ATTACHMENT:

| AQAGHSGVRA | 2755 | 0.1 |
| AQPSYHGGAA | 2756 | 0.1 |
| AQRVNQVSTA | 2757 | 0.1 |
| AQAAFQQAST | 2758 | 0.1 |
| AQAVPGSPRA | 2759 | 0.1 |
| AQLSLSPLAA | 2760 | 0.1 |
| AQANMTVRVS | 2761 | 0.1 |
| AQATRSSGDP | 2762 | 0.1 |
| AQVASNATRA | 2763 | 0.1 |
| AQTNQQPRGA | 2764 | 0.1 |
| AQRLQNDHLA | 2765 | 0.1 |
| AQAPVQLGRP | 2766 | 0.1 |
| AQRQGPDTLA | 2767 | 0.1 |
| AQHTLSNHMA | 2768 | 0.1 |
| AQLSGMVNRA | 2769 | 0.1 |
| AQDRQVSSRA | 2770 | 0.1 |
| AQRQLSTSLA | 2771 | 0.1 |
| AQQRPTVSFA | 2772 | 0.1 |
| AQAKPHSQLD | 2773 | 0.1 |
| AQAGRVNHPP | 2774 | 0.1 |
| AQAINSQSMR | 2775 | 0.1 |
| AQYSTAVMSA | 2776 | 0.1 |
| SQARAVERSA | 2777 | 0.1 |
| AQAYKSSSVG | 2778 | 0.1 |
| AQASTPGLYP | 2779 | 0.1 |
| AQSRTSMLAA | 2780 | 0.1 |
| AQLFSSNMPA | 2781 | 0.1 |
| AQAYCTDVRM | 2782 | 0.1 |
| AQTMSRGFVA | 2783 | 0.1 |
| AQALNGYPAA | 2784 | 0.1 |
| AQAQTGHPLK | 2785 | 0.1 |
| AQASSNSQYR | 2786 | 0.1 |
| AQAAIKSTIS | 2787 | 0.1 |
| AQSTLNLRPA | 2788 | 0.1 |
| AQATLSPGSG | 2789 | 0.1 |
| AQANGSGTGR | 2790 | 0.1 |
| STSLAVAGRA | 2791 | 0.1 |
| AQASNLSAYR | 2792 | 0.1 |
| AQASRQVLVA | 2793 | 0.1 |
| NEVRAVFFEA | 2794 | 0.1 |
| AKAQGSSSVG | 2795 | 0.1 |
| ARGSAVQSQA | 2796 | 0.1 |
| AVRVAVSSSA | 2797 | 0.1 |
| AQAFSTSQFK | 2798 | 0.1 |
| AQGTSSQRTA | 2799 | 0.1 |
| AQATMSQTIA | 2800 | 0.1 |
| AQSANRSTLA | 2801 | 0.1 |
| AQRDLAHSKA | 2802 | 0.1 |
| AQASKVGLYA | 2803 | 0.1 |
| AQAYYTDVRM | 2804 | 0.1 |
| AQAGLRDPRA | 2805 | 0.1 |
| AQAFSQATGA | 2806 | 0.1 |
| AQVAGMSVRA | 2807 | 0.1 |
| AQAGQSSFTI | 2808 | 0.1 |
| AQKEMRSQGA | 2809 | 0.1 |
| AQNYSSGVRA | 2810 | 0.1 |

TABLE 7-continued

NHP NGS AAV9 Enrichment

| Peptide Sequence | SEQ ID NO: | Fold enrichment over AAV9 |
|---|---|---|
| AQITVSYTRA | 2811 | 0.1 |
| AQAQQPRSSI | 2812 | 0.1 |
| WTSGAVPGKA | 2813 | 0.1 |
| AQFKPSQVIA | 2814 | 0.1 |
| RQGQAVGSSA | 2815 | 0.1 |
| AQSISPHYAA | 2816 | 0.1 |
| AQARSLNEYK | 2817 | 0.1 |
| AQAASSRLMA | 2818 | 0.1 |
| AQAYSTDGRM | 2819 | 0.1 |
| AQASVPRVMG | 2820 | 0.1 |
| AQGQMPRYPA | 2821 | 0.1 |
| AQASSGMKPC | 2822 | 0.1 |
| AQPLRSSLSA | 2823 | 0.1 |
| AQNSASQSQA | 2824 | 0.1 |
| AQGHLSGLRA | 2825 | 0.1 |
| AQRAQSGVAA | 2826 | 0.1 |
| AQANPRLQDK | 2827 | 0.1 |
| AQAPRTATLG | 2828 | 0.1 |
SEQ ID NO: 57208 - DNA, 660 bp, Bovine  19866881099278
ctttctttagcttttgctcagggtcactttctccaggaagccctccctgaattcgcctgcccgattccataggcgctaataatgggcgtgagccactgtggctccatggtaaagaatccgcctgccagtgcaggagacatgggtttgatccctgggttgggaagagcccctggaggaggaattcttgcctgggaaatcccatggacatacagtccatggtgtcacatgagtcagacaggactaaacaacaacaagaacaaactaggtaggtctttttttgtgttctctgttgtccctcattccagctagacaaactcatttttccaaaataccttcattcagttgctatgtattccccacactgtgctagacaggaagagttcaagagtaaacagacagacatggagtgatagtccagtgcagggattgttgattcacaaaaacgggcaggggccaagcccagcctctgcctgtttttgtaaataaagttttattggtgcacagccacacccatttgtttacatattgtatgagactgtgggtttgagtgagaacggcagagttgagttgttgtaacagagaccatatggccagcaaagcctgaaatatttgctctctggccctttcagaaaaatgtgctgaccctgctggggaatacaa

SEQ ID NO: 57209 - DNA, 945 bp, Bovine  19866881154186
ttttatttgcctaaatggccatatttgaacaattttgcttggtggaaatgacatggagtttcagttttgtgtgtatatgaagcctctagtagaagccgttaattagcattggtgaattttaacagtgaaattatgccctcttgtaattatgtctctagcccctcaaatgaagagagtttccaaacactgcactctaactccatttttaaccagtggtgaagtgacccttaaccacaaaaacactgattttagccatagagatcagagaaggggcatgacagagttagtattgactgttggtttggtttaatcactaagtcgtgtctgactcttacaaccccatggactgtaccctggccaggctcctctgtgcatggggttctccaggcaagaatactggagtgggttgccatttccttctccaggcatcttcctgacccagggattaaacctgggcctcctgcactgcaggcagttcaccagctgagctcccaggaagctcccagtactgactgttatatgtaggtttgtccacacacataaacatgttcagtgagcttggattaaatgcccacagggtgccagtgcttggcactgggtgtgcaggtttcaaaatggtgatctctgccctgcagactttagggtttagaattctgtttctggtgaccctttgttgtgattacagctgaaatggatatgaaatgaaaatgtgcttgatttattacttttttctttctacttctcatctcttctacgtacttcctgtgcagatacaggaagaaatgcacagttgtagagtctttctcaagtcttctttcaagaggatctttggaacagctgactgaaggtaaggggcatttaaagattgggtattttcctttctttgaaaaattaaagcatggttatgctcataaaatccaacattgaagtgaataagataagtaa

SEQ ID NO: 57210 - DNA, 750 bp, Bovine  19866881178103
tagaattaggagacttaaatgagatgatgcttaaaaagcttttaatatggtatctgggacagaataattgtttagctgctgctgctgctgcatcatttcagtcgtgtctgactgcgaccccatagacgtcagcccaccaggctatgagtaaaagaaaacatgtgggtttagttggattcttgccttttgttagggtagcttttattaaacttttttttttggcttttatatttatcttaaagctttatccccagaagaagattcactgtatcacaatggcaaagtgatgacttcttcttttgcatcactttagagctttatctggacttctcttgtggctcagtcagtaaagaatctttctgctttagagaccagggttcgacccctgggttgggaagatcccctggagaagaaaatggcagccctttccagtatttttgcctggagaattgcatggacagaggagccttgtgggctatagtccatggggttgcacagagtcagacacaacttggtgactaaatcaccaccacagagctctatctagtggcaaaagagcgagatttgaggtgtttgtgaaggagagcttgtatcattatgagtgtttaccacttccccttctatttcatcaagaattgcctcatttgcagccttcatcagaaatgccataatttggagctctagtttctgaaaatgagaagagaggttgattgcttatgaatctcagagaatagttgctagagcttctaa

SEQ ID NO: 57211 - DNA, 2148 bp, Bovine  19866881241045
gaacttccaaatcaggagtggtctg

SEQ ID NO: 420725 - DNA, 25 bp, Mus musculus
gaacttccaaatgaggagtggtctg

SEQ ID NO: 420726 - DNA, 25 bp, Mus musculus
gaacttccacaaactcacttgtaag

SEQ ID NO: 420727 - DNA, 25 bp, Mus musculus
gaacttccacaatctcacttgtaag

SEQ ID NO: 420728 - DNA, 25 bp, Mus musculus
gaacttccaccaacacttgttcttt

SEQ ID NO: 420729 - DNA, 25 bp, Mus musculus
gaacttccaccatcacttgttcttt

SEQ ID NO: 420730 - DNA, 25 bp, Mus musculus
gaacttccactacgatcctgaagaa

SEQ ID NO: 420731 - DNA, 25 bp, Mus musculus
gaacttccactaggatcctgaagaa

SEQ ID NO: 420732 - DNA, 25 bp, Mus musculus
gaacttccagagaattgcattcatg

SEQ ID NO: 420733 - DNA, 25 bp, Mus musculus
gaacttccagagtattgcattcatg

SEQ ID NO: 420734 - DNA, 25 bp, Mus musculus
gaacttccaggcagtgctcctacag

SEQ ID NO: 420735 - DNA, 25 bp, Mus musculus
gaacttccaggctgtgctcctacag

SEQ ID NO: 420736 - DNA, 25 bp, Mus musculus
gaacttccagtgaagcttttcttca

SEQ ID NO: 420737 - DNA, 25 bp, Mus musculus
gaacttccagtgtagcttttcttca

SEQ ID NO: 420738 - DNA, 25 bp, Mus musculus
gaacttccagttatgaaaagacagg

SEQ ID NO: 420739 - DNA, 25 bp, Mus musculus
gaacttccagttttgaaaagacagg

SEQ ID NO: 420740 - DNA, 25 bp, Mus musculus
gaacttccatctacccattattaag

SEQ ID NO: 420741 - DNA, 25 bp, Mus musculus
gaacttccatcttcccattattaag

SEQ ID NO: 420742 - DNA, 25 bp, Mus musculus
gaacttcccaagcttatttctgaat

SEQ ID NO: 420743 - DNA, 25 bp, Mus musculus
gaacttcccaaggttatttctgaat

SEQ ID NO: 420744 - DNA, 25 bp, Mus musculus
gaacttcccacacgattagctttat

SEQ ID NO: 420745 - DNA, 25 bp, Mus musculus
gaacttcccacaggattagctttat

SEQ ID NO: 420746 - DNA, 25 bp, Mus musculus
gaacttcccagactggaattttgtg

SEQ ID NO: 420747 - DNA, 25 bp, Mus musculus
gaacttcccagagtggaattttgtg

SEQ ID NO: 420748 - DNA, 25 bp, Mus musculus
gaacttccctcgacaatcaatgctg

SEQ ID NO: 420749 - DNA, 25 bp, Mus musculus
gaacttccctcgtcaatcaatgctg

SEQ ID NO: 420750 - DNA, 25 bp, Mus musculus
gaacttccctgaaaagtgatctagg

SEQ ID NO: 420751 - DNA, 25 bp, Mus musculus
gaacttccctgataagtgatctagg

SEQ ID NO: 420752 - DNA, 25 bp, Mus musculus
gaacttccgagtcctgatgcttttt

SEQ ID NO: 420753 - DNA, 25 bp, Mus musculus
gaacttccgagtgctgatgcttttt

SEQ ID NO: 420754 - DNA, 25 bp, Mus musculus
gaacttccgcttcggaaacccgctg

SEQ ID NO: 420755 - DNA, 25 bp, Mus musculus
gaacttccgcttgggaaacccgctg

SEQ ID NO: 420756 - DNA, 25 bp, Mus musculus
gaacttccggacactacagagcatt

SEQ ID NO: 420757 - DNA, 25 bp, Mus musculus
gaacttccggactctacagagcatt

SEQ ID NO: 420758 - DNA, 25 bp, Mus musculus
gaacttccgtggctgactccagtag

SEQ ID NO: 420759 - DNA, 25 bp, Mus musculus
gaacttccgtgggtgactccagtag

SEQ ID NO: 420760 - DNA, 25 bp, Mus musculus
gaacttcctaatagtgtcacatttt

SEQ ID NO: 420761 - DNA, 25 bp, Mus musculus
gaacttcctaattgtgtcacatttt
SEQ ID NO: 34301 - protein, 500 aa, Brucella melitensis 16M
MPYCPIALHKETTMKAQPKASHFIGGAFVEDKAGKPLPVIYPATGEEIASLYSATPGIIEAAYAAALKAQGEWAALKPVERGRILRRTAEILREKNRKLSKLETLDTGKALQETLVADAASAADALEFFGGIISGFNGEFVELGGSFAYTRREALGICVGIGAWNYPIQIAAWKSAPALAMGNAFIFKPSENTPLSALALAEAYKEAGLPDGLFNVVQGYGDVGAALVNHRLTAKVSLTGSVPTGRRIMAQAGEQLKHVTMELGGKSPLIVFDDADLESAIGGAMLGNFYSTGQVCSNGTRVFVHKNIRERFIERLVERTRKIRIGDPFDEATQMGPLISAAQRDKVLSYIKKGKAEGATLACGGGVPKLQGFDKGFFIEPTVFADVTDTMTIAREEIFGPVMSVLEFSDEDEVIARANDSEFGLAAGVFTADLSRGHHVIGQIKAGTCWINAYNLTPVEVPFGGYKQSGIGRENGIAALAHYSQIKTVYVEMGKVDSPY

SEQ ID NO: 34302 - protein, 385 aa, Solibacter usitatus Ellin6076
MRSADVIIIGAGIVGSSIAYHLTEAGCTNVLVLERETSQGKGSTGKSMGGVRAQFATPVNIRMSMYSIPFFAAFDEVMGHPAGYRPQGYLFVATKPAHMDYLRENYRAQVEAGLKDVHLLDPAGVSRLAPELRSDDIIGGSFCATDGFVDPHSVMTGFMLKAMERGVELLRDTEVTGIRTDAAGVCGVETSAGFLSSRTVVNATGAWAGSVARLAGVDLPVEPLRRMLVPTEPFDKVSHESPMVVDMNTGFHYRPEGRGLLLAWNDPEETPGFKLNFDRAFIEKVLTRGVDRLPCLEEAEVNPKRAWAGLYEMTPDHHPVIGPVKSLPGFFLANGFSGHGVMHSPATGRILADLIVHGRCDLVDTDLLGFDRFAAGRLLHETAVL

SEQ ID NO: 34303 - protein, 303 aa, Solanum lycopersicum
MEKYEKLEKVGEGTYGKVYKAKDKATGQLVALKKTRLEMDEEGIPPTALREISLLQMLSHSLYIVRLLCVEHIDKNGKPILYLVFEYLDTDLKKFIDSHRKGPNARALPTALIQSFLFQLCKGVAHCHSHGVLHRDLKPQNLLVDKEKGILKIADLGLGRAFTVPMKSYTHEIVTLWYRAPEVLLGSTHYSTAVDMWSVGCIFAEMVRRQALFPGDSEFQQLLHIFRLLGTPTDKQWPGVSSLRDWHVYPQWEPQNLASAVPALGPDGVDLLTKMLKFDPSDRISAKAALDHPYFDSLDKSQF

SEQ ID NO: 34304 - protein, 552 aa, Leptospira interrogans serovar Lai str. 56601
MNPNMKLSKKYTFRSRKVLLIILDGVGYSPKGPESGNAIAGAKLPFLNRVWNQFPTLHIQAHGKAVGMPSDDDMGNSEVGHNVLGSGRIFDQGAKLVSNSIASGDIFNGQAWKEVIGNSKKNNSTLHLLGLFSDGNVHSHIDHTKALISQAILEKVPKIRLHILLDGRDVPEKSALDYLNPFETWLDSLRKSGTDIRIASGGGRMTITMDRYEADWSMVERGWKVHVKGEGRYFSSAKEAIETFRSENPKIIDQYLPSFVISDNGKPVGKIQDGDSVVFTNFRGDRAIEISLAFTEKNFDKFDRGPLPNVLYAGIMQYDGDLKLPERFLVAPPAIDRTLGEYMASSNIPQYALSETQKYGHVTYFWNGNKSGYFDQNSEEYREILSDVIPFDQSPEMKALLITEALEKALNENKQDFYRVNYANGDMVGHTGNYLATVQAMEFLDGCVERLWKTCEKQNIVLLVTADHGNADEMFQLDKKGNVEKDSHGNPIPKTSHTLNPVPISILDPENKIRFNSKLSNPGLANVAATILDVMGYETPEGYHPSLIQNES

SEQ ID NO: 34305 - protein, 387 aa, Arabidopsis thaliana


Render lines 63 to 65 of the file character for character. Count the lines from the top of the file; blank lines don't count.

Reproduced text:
| WTSGAVPGKA | 2813 | 0.1 |
| AQFKPSQVIA | 2814 | 0.1 |
| RQGQAVGSSA | 2815 | 0.1 |